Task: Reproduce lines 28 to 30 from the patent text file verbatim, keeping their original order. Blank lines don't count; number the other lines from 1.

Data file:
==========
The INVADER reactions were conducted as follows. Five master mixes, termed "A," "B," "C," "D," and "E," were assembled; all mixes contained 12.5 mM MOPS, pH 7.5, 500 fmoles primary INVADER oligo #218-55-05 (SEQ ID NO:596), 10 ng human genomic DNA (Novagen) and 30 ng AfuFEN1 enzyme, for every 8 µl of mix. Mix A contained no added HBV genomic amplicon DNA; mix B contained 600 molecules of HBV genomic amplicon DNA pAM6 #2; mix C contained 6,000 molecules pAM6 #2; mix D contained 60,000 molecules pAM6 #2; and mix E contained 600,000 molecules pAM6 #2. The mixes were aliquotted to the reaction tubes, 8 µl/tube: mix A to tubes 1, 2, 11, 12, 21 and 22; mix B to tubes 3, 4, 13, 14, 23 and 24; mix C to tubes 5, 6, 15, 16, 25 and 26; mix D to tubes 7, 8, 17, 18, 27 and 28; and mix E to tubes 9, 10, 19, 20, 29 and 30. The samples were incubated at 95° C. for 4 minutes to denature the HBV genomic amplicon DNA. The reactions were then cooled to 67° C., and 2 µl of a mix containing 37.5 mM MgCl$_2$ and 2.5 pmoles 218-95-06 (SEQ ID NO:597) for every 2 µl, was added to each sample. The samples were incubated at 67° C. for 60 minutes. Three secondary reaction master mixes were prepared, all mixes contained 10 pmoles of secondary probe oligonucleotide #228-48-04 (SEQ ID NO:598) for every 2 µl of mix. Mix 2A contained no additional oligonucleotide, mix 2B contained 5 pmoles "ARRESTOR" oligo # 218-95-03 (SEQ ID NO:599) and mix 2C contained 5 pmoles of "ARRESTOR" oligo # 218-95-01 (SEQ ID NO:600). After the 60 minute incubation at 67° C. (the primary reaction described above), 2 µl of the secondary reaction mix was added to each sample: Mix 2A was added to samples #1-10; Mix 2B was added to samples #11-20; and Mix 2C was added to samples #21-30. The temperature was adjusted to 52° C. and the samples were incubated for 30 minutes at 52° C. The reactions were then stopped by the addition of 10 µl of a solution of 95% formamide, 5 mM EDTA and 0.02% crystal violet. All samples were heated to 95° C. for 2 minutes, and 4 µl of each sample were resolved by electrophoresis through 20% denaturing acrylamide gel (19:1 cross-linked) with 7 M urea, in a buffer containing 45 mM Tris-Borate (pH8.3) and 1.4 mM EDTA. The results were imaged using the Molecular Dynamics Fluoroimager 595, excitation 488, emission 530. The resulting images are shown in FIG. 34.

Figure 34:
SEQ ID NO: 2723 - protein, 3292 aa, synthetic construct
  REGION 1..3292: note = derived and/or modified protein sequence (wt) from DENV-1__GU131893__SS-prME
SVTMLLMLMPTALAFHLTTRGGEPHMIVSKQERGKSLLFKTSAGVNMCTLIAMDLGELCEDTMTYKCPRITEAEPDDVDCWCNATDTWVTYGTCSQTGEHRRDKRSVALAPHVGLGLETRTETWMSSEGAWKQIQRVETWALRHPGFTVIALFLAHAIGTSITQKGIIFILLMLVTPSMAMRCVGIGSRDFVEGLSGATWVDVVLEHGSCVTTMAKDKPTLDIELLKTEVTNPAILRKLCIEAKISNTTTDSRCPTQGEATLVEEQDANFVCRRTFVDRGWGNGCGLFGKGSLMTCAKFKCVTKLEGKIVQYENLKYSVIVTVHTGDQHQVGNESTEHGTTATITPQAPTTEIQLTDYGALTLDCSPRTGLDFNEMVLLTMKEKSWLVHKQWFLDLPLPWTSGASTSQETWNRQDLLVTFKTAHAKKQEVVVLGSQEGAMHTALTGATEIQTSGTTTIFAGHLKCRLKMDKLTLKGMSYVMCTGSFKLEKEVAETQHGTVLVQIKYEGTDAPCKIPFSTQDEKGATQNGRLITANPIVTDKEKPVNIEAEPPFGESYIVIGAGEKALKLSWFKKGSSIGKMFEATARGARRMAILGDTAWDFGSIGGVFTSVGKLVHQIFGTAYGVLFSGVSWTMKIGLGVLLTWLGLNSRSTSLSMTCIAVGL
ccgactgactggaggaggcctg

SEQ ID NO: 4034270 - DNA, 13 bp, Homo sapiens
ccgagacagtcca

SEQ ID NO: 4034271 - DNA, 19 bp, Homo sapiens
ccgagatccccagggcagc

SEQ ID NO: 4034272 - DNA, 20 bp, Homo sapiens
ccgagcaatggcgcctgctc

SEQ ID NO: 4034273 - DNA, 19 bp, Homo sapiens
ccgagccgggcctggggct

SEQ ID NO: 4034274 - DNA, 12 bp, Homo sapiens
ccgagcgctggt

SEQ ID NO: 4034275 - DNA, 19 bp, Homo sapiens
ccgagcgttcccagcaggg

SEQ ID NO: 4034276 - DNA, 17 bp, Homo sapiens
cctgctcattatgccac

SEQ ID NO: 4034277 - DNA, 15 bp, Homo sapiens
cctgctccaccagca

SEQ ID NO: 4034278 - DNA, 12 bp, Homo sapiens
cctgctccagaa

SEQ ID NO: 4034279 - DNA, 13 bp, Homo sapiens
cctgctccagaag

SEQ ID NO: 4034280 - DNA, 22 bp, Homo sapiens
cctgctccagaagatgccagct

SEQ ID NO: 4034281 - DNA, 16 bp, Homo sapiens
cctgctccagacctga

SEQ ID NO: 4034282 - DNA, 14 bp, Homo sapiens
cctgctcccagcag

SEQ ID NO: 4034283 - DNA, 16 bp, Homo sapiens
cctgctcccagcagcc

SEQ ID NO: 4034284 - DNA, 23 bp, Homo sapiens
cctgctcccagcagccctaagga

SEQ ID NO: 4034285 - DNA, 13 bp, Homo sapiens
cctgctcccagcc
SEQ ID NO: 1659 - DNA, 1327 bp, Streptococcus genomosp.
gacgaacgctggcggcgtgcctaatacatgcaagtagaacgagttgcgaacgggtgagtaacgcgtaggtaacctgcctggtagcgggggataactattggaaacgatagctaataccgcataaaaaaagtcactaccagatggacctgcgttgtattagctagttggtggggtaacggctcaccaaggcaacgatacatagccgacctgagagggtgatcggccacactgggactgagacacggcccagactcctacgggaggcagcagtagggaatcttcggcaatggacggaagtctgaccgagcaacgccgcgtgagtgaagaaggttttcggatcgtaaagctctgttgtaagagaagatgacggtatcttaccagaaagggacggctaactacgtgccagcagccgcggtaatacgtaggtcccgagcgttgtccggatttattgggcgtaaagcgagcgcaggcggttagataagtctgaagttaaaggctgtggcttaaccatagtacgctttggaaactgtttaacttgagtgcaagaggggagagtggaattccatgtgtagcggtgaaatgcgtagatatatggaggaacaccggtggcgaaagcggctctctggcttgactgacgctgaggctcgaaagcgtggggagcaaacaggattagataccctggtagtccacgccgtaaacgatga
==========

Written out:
cctgctccagaagatgccagct

SEQ ID NO: 4034281 - DNA, 16 bp, Homo sapiens
cctgctccagacctga